For some middle management and senior executives private equity has become a term that makes many a stomach turn and produces the occasional eye roll. The unsettling threat of potential job loss, fear of change and an unwelcome shift in company culture.
Sure, private equity firms can add value by buying a tired brand that needs revitalization. While private equity firms are widely acknowledged as data and financial wizards many firms are realizing they need more fashion industry expertise on their teams. As a result many firms are hiring industry executives to deepen their knowledge and leverage their influence. Doesn’t it seem more reasonable to accept the suggestions of one who has lived in the trenches?
Could this mean there is a new pocket of job opportunities for senior executives? I’m always eager to see where said leaders will land once departing their prestigious posts. Last week, Ron Frasch, former president and CMO of Saks Fifth Avenue, was named an operating partner at private equity firm Castanea Partners, which owns Donald J Pliner. One might consider if the grass is actually greener (no compensation pun intended).
What if you’re not in line for the CEO throne? Maybe you have no such aspirations? Could this be the new corporate leadership alternative? What splendors can a shift in perspective lend a seasoned executive? Well, probably plenty. I often hear many executives express the desire to provide a more strategic view point and have the power to truly affect change at a high level without the politics of a corporate culture. A role with a private equity firm can often fulfill a desire to steer significant change and make an impact on long term success for a brand without the quarterly pressures of Wall Street. There’s opportunity to mend management problems or brand positioning. Feeling creative?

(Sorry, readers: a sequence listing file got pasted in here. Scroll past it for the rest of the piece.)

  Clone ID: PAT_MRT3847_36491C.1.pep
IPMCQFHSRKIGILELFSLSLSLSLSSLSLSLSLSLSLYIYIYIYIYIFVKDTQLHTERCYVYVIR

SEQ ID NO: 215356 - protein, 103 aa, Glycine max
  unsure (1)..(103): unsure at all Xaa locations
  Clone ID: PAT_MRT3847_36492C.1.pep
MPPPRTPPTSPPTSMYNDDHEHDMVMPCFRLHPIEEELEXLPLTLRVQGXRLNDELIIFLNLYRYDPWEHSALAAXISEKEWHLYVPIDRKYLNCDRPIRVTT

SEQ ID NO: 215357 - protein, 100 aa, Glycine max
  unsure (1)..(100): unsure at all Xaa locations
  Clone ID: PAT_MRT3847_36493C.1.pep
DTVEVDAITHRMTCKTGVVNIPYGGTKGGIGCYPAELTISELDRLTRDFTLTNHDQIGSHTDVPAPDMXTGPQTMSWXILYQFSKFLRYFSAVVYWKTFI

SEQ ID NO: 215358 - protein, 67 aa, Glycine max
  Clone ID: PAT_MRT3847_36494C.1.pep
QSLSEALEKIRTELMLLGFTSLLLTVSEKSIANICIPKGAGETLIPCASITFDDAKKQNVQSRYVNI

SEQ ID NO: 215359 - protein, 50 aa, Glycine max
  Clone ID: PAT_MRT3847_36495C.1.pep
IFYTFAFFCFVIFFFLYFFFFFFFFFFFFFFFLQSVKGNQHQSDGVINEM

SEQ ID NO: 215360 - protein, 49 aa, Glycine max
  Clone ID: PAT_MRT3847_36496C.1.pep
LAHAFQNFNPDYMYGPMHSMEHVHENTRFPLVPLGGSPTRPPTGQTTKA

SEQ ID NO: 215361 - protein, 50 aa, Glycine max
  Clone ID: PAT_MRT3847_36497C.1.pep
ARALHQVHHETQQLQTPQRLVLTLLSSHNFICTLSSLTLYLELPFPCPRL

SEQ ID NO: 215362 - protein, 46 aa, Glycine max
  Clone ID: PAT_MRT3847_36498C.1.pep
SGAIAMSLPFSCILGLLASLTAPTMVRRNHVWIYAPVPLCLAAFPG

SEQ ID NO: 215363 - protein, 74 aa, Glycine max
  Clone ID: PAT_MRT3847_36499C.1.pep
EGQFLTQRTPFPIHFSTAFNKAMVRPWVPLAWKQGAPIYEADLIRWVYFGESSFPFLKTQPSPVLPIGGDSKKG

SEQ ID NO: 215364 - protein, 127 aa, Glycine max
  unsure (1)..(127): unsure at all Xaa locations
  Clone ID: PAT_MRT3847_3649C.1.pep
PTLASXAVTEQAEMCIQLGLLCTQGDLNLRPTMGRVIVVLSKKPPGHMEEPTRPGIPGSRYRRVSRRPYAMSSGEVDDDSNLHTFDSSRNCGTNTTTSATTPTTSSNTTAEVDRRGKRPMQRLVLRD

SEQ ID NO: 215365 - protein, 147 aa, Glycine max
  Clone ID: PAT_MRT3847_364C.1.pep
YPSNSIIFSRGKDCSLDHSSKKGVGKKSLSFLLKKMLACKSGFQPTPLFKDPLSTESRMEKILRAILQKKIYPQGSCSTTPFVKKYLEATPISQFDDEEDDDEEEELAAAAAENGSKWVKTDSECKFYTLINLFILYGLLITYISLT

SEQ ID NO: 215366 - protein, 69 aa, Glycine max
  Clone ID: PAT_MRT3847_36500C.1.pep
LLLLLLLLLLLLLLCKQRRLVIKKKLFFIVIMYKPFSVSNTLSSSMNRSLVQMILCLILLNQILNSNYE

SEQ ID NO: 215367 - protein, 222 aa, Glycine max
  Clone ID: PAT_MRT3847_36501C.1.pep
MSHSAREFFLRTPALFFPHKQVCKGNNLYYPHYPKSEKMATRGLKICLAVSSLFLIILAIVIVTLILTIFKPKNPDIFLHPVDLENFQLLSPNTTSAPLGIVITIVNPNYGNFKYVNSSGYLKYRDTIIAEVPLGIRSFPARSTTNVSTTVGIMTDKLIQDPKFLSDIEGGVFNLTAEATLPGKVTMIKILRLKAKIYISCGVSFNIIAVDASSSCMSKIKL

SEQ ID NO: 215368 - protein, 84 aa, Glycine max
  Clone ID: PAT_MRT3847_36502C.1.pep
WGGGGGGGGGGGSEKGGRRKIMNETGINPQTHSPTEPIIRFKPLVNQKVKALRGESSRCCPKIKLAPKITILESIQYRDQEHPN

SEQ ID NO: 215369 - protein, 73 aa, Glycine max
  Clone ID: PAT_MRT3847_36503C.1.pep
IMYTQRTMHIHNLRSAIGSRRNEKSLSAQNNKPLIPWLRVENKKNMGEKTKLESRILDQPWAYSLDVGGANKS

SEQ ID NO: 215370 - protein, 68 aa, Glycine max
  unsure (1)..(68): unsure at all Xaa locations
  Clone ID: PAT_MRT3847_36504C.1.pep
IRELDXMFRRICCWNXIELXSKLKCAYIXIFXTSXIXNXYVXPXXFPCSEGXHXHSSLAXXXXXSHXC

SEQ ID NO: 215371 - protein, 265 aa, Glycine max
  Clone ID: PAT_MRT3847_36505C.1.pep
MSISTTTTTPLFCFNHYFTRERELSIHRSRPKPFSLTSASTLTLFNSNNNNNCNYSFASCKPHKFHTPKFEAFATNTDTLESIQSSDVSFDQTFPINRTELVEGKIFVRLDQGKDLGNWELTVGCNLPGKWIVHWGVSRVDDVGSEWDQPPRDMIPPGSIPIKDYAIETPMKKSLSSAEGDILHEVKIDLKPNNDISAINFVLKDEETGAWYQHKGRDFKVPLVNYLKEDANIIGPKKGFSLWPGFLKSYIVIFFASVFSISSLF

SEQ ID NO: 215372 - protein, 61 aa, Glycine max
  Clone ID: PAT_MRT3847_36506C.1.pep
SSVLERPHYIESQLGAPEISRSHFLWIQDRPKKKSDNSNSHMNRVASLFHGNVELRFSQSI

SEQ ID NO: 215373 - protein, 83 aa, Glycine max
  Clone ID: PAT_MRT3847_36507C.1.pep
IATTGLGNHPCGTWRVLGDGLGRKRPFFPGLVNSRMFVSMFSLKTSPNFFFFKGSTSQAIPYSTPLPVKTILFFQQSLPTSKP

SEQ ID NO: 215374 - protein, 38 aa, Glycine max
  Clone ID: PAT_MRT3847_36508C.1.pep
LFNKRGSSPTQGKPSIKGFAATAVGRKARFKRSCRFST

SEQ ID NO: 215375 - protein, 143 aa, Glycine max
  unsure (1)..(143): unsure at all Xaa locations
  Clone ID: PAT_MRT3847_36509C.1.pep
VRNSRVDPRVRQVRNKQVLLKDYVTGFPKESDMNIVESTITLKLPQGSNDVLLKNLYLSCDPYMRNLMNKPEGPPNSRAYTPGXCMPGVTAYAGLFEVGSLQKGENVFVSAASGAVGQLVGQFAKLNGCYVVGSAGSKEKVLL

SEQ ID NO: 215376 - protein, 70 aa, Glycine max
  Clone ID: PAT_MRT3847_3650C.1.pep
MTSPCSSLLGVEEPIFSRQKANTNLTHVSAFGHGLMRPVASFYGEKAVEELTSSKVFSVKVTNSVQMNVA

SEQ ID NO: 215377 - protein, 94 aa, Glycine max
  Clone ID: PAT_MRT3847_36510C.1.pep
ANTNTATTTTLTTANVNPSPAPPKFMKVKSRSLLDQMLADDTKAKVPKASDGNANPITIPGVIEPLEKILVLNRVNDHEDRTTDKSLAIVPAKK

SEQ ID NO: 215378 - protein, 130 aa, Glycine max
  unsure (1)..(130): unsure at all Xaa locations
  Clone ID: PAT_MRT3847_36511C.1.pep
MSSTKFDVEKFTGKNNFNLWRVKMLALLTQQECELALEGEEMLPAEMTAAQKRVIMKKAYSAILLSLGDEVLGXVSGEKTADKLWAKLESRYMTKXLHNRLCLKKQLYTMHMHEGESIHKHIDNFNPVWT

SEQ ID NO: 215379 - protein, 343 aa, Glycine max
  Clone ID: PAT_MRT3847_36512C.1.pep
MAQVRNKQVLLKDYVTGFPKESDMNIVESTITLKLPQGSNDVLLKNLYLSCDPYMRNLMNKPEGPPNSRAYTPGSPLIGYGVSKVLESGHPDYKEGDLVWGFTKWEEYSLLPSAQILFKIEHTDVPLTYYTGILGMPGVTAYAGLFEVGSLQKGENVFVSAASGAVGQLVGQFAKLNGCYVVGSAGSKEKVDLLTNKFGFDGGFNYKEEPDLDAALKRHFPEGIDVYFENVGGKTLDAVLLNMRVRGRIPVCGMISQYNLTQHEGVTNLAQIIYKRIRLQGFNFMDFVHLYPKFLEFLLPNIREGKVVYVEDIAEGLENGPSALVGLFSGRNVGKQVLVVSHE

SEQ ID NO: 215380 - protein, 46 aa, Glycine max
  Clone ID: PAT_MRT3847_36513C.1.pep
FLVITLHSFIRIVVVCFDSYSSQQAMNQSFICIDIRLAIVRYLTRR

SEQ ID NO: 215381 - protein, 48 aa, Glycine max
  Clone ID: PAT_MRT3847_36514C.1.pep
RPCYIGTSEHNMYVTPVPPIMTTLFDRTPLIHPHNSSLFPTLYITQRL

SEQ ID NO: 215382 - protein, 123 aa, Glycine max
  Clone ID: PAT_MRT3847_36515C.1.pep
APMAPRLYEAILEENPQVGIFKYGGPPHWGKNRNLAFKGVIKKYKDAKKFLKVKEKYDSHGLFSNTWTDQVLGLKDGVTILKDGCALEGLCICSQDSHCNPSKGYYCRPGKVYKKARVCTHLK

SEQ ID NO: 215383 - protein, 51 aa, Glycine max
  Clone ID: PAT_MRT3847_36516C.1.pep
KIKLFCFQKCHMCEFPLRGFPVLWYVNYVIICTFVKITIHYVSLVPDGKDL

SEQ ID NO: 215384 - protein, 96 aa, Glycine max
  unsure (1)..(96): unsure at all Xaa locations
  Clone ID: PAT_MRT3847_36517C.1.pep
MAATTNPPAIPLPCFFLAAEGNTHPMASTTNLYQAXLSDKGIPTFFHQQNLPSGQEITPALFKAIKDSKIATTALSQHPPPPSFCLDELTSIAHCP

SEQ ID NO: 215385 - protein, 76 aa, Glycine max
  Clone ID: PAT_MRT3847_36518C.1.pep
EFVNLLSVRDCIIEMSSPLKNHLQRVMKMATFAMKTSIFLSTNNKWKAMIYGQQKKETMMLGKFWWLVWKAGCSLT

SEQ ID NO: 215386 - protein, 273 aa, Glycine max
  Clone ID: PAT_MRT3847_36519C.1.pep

2014 predictions indicate no signs of slowing the private equity buying binge. As the industry continues to undergo major shifts in technology and eCommerce the demand for more new jobs within firms is likely to increase.
If you don’t want to trade one brand or retailer for another, consider the private equity route. If you do, call me.
Photo Credit: Guy Bourdin for Vogue